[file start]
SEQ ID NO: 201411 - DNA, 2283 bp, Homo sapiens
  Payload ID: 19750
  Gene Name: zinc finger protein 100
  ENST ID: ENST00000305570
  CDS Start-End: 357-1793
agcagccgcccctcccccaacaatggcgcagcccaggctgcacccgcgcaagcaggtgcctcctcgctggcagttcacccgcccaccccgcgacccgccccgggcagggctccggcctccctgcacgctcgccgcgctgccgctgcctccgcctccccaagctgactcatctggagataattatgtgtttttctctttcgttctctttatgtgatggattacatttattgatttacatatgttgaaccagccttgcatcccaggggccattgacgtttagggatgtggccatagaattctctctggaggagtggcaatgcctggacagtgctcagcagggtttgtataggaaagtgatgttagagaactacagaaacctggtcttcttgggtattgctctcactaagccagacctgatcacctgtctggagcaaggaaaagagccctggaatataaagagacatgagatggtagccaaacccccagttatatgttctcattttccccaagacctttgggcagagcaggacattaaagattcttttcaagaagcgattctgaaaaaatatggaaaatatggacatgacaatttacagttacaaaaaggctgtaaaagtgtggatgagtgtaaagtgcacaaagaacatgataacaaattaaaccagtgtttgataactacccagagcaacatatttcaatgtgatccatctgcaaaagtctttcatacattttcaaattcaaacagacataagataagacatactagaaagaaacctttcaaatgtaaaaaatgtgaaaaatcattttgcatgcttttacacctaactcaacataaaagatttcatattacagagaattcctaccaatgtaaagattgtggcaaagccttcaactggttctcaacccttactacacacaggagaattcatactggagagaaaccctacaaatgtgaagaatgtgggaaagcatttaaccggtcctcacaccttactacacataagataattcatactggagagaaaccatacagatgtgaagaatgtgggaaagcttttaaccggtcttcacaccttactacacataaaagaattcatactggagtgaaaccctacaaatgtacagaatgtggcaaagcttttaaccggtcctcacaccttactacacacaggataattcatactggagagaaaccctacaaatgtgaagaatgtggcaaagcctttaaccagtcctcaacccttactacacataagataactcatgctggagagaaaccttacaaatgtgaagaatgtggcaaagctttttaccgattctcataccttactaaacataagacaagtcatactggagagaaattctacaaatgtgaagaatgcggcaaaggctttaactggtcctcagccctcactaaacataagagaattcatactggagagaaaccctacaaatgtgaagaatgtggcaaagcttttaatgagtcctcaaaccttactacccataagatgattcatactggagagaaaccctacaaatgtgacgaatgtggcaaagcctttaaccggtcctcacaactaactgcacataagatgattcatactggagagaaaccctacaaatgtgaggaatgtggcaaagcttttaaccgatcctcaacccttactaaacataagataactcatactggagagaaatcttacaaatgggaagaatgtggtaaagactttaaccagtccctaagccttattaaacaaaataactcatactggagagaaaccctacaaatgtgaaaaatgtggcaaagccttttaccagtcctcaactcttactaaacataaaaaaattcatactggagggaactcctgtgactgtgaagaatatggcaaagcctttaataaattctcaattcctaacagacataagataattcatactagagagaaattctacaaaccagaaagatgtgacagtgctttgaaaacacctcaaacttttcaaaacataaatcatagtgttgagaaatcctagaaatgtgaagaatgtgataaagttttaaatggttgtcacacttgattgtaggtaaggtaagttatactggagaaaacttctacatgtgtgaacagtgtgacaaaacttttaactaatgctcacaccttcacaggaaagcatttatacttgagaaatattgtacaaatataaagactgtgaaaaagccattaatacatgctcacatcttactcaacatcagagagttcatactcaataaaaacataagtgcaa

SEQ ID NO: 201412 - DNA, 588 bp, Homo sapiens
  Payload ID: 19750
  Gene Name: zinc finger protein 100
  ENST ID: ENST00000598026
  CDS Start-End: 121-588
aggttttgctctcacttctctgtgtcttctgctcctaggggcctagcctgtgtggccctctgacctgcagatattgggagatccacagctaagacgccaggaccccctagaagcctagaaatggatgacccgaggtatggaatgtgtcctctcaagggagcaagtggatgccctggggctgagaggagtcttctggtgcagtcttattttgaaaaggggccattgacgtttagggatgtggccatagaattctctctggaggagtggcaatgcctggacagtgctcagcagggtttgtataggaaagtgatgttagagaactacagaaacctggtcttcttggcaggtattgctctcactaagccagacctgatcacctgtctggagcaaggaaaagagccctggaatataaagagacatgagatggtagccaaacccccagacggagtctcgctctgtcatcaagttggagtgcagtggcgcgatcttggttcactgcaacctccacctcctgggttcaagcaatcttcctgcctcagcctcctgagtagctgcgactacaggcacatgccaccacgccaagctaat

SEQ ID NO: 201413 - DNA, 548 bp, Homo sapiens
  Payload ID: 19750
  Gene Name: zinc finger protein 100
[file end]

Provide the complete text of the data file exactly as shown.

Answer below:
SEQ ID NO: 201411 - DNA, 2283 bp, Homo sapiens
  Payload ID: 19750
  Gene Name: zinc finger protein 100
  ENST ID: ENST00000305570
  CDS Start-End: 357-1793
agcagccgcccctcccccaacaatggcgcagcccaggctgcacccgcgcaagcaggtgcctcctcgctggcagttcacccgcccaccccgcgacccgccccgggcagggctccggcctccctgcacgctcgccgcgctgccgctgcctccgcctccccaagctgactcatctggagataattatgtgtttttctctttcgttctctttatgtgatggattacatttattgatttacatatgttgaaccagccttgcatcccaggggccattgacgtttagggatgtggccatagaattctctctggaggagtggcaatgcctggacagtgctcagcagggtttgtataggaaagtgatgttagagaactacagaaacctggtcttcttgggtattgctctcactaagccagacctgatcacctgtctggagcaaggaaaagagccctggaatataaagagacatgagatggtagccaaacccccagttatatgttctcattttccccaagacctttgggcagagcaggacattaaagattcttttcaagaagcgattctgaaaaaatatggaaaatatggacatgacaatttacagttacaaaaaggctgtaaaagtgtggatgagtgtaaagtgcacaaagaacatgataacaaattaaaccagtgtttgataactacccagagcaacatatttcaatgtgatccatctgcaaaagtctttcatacattttcaaattcaaacagacataagataagacatactagaaagaaacctttcaaatgtaaaaaatgtgaaaaatcattttgcatgcttttacacctaactcaacataaaagatttcatattacagagaattcctaccaatgtaaagattgtggcaaagccttcaactggttctcaacccttactacacacaggagaattcatactggagagaaaccctacaaatgtgaagaatgtgggaaagcatttaaccggtcctcacaccttactacacataagataattcatactggagagaaaccatacagatgtgaagaatgtgggaaagcttttaaccggtcttcacaccttactacacataaaagaattcatactggagtgaaaccctacaaatgtacagaatgtggcaaagcttttaaccggtcctcacaccttactacacacaggataattcatactggagagaaaccctacaaatgtgaagaatgtggcaaagcctttaaccagtcctcaacccttactacacataagataactcatgctggagagaaaccttacaaatgtgaagaatgtggcaaagctttttaccgattctcataccttactaaacataagacaagtcatactggagagaaattctacaaatgtgaagaatgcggcaaaggctttaactggtcctcagccctcactaaacataagagaattcatactggagagaaaccctacaaatgtgaagaatgtggcaaagcttttaatgagtcctcaaaccttactacccataagatgattcatactggagagaaaccctacaaatgtgacgaatgtggcaaagcctttaaccggtcctcacaactaactgcacataagatgattcatactggagagaaaccctacaaatgtgaggaatgtggcaaagcttttaaccgatcctcaacccttactaaacataagataactcatactggagagaaatcttacaaatgggaagaatgtggtaaagactttaaccagtccctaagccttattaaacaaaataactcatactggagagaaaccctacaaatgtgaaaaatgtggcaaagccttttaccagtcctcaactcttactaaacataaaaaaattcatactggagggaactcctgtgactgtgaagaatatggcaaagcctttaataaattctcaattcctaacagacataagataattcatactagagagaaattctacaaaccagaaagatgtgacagtgctttgaaaacacctcaaacttttcaaaacataaatcatagtgttgagaaatcctagaaatgtgaagaatgtgataaagttttaaatggttgtcacacttgattgtaggtaaggtaagttatactggagaaaacttctacatgtgtgaacagtgtgacaaaacttttaactaatgctcacaccttcacaggaaagcatttatacttgagaaatattgtacaaatataaagactgtgaaaaagccattaatacatgctcacatcttactcaacatcagagagttcatactcaataaaaacataagtgcaa

SEQ ID NO: 201412 - DNA, 588 bp, Homo sapiens
  Payload ID: 19750
  Gene Name: zinc finger protein 100
  ENST ID: ENST00000598026
  CDS Start-End: 121-588
aggttttgctctcacttctctgtgtcttctgctcctaggggcctagcctgtgtggccctctgacctgcagatattgggagatccacagctaagacgccaggaccccctagaagcctagaaatggatgacccgaggtatggaatgtgtcctctcaagggagcaagtggatgccctggggctgagaggagtcttctggtgcagtcttattttgaaaaggggccattgacgtttagggatgtggccatagaattctctctggaggagtggcaatgcctggacagtgctcagcagggtttgtataggaaagtgatgttagagaactacagaaacctggtcttcttggcaggtattgctctcactaagccagacctgatcacctgtctggagcaaggaaaagagccctggaatataaagagacatgagatggtagccaaacccccagacggagtctcgctctgtcatcaagttggagtgcagtggcgcgatcttggttcactgcaacctccacctcctgggttcaagcaatcttcctgcctcagcctcctgagtagctgcgactacaggcacatgccaccacgccaagctaat

SEQ ID NO: 201413 - DNA, 548 bp, Homo sapiens
  Payload ID: 19750
  Gene Name: zinc finger protein 100